Some 10,129 sq km were recorded as being deforested in the same 12 months last year (2018-2019), the statement added.
Amazon deforestation had steadily increased since Bolsonaro took over as Brazil’s president two years ago, Amazon Watch said. Prior to his taking over, deforestation was below 10,000 sq km for a decade.
The explosive rate of forest loss greatly exceeded Brazil’s own target established in its 2010 National Policy on Climate Change, where a maximum of 3,900 sq km of deforestation was projected for 2020.
Brazil was 180 per cent above its target, greatly undermining its ability to fulfil commitments in the Paris Climate Accord expected to go into effect in 2021, Amazon Watch said.
The spike in deforestation meant that Brazil was the only country in the world reporting a major increase in greenhouse gas emissions in a year when the global economy stalled due to the novel coronavirus disease (COVID-19) pandemic.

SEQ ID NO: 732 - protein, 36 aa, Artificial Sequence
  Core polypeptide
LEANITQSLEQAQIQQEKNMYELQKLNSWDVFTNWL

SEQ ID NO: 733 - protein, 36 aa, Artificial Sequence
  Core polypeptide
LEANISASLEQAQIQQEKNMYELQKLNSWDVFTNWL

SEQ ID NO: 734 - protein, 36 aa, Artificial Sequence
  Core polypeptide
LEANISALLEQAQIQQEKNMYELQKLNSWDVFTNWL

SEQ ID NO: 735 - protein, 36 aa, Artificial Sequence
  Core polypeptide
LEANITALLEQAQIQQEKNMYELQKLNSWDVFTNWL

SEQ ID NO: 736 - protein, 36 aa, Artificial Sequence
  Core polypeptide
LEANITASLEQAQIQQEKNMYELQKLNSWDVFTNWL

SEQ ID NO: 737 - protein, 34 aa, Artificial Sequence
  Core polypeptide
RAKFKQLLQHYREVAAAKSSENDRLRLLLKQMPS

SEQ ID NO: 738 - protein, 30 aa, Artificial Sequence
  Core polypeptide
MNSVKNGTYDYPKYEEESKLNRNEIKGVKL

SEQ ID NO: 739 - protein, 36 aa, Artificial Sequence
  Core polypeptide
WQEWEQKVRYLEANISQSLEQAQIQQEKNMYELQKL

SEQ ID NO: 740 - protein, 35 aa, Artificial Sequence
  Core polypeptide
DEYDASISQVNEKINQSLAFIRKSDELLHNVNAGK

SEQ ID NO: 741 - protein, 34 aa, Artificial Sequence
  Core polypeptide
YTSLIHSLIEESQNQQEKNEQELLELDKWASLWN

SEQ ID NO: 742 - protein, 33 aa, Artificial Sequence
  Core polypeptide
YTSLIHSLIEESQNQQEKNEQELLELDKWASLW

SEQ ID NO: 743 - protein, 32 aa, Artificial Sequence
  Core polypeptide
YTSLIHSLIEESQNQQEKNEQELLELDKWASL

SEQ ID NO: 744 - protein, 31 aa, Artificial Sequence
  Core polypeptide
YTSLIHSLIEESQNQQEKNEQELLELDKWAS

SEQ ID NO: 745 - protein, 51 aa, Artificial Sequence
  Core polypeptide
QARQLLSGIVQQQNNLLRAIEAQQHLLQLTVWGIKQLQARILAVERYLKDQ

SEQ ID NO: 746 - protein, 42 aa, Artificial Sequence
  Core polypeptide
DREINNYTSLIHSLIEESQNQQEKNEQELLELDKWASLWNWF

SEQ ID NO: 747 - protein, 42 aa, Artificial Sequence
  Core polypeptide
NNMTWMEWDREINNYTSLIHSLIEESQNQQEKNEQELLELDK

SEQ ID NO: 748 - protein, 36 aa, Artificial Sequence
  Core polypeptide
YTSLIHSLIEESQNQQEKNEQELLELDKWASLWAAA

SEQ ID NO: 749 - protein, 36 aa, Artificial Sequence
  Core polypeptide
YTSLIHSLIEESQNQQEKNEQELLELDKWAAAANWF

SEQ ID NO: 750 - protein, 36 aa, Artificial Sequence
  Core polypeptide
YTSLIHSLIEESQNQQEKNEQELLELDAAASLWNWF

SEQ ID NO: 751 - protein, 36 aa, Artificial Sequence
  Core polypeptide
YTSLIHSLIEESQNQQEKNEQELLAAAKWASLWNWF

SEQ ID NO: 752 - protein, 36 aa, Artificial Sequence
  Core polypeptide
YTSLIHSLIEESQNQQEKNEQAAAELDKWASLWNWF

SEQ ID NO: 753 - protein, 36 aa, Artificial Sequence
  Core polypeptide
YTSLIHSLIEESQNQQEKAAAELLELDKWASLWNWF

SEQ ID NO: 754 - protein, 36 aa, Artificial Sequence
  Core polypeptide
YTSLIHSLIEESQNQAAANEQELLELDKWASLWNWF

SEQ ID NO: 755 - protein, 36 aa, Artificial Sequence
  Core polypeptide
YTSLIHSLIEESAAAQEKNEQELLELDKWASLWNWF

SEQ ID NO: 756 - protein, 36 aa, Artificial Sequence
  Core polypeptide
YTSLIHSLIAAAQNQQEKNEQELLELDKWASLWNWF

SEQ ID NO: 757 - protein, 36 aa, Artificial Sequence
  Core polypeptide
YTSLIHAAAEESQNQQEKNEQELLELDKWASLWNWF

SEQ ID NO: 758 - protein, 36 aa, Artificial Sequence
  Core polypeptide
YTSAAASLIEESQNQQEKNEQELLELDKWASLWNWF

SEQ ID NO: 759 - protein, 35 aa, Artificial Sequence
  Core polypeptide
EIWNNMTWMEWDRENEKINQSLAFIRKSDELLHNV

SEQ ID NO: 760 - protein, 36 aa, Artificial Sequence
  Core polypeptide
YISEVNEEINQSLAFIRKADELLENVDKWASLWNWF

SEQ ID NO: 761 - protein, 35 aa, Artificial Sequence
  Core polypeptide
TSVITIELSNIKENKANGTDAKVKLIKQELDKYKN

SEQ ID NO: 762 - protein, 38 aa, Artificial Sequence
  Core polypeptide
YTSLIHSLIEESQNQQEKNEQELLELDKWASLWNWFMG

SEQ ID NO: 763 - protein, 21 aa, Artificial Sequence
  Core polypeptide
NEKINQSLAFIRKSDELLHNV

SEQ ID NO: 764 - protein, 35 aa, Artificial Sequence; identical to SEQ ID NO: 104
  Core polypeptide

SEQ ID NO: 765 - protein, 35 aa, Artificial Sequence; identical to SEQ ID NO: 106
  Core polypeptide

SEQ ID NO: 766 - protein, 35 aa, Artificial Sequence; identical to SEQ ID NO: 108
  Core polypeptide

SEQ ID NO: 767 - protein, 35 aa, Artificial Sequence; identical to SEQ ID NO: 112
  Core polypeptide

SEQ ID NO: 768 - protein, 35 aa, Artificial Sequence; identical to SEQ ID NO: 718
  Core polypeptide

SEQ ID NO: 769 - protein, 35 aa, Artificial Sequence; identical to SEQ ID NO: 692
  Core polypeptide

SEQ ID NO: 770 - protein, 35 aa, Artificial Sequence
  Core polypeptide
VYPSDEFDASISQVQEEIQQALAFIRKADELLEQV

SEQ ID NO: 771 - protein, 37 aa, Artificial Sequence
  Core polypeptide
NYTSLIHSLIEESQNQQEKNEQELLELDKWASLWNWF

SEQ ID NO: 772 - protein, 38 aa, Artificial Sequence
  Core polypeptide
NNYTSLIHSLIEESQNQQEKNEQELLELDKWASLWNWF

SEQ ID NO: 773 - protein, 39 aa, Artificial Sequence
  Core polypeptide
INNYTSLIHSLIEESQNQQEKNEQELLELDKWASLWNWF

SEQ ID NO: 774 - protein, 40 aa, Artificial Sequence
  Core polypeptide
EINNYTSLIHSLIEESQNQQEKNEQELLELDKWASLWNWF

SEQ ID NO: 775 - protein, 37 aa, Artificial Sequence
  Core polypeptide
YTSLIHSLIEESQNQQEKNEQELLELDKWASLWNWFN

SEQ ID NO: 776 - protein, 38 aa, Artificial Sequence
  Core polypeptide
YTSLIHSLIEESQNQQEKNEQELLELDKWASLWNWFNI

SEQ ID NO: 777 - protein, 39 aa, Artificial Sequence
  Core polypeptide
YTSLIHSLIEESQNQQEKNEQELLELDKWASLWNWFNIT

Deforestation in Brazil during 2019-2020 had occurred mainly in the Amazonian state of Pará, that accounted for 46.8 per cent of the deforestation.
La Niña influence: Indian winter to be colder than normal
The ongoing winter season from December 2020 to February 2021 will be colder than usual in several parts of India, according to the seasonal outlook for temperatures from the India Meteorological Department (IMD).
IMD, however, has not made any prediction about the prevalence of cold wave or cold day conditions in any part of the country so far.
Usually, the seasonal outlook for temperatures, issued by the IMD before summer and winter seasons every year, carries predictions for heat waves and cold waves respectively.